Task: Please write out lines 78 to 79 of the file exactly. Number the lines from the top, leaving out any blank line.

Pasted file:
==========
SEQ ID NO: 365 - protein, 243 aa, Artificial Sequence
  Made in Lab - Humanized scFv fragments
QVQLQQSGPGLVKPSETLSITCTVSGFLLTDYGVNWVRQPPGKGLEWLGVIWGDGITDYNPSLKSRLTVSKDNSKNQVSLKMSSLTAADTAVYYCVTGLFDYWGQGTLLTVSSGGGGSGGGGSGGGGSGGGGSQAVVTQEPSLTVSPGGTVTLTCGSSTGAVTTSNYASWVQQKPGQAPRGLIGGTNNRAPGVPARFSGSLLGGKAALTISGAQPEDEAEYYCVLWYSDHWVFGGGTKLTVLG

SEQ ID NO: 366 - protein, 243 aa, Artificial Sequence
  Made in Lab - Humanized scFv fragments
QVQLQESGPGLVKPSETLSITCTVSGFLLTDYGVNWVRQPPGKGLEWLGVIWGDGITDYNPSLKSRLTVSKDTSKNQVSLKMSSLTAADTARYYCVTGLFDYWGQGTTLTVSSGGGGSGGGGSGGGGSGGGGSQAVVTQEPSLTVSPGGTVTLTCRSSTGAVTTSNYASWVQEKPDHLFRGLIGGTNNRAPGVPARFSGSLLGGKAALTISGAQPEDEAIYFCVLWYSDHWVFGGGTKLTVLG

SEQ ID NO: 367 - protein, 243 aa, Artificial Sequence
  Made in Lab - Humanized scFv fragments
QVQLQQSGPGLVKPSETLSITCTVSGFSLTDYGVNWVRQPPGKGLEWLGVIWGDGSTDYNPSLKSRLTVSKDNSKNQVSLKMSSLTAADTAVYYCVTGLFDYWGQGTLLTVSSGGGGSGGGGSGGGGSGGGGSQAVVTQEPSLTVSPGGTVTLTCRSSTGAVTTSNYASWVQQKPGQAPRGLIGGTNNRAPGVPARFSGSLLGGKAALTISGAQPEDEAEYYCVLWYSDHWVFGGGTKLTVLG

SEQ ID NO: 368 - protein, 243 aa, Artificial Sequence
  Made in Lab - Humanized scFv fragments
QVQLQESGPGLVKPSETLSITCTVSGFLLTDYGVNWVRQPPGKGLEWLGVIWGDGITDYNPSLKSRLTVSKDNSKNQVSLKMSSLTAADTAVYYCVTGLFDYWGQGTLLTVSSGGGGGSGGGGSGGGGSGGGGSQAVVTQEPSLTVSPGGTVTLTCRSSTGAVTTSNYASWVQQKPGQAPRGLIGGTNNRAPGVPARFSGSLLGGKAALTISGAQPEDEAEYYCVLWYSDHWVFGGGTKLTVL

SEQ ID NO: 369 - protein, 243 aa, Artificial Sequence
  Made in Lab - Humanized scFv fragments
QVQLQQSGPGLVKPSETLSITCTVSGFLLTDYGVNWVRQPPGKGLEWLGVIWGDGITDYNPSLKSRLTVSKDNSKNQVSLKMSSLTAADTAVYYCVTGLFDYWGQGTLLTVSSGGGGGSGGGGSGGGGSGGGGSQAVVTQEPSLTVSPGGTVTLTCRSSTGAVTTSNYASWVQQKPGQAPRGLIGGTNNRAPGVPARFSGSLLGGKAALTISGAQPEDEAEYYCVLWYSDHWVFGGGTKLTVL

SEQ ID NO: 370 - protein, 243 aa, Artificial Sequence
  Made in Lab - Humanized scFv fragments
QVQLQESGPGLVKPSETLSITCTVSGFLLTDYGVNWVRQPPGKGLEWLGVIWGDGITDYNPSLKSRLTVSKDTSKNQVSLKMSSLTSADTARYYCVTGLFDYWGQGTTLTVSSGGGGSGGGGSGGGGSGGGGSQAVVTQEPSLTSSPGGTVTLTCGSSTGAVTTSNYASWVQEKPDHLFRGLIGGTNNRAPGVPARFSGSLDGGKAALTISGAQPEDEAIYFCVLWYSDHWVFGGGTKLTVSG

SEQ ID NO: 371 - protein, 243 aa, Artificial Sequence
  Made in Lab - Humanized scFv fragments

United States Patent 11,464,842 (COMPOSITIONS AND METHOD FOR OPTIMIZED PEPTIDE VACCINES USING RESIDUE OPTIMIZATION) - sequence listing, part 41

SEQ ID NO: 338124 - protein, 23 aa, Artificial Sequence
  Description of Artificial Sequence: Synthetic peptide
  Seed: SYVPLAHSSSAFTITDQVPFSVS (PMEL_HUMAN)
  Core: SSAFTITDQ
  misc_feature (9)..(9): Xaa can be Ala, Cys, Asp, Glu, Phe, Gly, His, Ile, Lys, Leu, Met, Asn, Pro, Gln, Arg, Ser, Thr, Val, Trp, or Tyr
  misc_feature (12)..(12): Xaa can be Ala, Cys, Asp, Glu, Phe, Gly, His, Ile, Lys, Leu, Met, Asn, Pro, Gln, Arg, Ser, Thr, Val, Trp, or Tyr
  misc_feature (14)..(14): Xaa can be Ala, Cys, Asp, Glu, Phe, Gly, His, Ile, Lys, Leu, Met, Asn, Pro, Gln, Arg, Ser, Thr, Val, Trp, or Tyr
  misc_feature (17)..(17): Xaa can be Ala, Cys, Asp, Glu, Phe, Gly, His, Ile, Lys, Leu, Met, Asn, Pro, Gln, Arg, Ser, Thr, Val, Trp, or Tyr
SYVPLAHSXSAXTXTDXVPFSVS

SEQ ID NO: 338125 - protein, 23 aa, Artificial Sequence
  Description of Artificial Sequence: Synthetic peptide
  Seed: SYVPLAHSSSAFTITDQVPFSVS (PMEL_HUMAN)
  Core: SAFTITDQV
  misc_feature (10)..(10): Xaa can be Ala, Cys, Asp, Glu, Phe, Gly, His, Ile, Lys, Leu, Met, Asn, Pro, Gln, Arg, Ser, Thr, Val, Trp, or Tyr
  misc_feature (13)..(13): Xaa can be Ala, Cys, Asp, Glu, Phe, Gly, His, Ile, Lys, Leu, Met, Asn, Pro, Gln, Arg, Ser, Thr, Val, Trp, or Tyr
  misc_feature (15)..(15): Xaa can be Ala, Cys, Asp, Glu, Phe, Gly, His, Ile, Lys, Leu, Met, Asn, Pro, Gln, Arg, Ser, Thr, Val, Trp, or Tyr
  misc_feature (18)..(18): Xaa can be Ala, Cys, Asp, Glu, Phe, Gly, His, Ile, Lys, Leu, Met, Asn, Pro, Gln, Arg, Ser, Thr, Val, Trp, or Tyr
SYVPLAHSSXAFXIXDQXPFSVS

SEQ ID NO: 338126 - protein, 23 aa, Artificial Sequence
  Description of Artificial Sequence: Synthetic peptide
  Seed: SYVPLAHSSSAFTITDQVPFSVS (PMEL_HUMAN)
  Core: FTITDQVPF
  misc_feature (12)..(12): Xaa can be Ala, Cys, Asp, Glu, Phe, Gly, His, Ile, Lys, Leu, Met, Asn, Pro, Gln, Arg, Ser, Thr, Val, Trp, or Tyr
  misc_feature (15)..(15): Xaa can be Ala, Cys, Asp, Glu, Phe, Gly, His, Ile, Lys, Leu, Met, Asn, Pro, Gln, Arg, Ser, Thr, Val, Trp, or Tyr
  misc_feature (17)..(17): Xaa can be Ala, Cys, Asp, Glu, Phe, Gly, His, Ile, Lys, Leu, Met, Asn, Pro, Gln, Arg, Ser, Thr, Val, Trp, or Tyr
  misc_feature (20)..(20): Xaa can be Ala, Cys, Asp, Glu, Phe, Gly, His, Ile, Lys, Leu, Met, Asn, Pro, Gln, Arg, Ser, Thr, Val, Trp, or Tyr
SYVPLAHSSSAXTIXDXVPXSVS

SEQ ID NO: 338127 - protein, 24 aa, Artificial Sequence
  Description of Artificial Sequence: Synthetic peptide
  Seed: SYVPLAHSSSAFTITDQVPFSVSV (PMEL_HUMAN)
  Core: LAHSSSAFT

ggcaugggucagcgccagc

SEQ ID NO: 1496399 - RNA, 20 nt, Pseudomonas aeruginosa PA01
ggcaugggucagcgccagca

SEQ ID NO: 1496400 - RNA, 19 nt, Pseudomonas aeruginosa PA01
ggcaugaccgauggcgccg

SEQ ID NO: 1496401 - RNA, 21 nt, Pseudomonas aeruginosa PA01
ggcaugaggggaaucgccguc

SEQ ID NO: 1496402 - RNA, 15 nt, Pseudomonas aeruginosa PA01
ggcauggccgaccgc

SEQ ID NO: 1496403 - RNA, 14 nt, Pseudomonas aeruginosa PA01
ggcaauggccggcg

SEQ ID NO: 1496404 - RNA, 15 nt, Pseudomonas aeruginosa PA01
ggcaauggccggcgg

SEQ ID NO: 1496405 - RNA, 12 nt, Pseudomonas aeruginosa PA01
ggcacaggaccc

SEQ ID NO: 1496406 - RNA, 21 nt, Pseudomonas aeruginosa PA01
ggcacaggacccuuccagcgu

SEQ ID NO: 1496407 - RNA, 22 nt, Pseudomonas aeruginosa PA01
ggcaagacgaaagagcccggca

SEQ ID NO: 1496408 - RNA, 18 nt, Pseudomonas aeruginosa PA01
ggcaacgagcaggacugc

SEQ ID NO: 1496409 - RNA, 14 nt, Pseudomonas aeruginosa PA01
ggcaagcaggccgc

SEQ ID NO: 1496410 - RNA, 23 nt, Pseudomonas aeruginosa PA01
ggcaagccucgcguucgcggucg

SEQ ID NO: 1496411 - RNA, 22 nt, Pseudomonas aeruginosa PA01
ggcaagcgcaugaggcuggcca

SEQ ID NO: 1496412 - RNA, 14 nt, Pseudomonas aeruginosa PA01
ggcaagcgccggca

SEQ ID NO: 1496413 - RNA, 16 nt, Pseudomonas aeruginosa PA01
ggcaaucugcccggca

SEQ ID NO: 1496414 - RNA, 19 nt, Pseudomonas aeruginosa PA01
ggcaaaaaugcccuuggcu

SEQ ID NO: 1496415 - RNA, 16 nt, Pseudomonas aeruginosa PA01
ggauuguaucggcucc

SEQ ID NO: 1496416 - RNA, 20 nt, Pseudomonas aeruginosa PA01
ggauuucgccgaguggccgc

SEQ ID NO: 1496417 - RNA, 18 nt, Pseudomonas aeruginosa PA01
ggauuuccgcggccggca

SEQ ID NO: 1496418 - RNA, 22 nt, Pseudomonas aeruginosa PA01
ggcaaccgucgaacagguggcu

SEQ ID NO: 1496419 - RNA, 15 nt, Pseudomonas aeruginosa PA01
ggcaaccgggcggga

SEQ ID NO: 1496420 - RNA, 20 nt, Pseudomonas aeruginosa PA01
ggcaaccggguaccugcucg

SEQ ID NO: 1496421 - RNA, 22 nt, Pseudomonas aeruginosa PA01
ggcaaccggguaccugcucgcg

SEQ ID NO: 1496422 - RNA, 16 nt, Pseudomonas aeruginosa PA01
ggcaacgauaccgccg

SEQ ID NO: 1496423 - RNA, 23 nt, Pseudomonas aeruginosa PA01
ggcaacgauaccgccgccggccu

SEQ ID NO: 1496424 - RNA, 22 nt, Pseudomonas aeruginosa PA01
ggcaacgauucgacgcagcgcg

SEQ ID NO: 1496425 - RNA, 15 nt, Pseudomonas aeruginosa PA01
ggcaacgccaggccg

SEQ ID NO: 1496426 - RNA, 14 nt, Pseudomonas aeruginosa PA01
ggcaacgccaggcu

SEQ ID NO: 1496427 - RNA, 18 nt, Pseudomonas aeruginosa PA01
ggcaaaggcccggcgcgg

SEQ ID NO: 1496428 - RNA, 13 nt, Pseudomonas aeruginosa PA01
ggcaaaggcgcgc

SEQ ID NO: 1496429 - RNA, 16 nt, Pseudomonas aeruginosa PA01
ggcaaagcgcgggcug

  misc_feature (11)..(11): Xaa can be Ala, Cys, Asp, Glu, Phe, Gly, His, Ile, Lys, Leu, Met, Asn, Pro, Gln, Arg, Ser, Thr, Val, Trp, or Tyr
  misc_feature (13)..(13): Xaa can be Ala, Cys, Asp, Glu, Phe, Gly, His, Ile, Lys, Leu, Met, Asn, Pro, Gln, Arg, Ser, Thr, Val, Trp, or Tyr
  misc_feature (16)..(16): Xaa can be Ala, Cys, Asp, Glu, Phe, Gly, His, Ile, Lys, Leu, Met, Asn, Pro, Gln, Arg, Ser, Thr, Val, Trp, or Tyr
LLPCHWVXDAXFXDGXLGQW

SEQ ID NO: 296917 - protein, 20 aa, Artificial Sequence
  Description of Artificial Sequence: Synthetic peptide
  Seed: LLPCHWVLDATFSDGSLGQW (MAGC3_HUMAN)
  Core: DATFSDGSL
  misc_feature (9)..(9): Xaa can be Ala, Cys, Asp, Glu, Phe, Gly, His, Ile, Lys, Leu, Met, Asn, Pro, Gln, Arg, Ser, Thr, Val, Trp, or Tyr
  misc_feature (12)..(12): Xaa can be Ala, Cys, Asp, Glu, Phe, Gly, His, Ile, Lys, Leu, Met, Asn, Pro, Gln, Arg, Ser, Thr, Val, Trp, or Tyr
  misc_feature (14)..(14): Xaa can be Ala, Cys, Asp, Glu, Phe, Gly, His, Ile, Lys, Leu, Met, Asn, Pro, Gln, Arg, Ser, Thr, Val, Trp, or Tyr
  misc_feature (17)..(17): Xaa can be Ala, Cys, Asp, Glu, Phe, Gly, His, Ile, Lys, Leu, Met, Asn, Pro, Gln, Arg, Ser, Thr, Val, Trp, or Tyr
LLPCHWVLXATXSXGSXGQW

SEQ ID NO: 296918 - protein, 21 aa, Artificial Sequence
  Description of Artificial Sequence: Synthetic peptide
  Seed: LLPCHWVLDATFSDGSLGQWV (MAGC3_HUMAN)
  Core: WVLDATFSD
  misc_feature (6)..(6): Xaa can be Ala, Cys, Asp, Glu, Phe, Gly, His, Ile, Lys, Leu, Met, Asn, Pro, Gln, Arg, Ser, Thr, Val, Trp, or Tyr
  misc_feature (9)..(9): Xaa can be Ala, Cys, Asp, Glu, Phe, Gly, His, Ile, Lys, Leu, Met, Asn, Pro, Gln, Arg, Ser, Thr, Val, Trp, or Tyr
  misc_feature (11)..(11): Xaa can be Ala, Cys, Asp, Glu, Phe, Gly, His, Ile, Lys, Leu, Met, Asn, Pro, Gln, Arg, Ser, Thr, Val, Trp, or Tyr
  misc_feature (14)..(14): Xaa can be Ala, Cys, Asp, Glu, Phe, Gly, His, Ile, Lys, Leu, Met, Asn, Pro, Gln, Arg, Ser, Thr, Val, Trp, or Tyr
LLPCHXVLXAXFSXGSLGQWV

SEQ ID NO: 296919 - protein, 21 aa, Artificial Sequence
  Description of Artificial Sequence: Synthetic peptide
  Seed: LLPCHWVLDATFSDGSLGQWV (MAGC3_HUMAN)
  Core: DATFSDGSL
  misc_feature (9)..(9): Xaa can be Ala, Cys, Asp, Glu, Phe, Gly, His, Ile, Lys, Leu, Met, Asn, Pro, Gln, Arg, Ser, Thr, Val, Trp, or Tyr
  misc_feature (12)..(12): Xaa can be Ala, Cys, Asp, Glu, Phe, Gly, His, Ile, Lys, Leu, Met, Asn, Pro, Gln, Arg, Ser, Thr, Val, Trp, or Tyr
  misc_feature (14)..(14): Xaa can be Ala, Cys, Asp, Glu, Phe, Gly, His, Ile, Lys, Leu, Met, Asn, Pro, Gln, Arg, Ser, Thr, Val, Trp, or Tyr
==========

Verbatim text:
SEQ ID NO: 1496411 - RNA, 22 nt, Pseudomonas aeruginosa PA01
ggcaagcgcaugaggcuggcca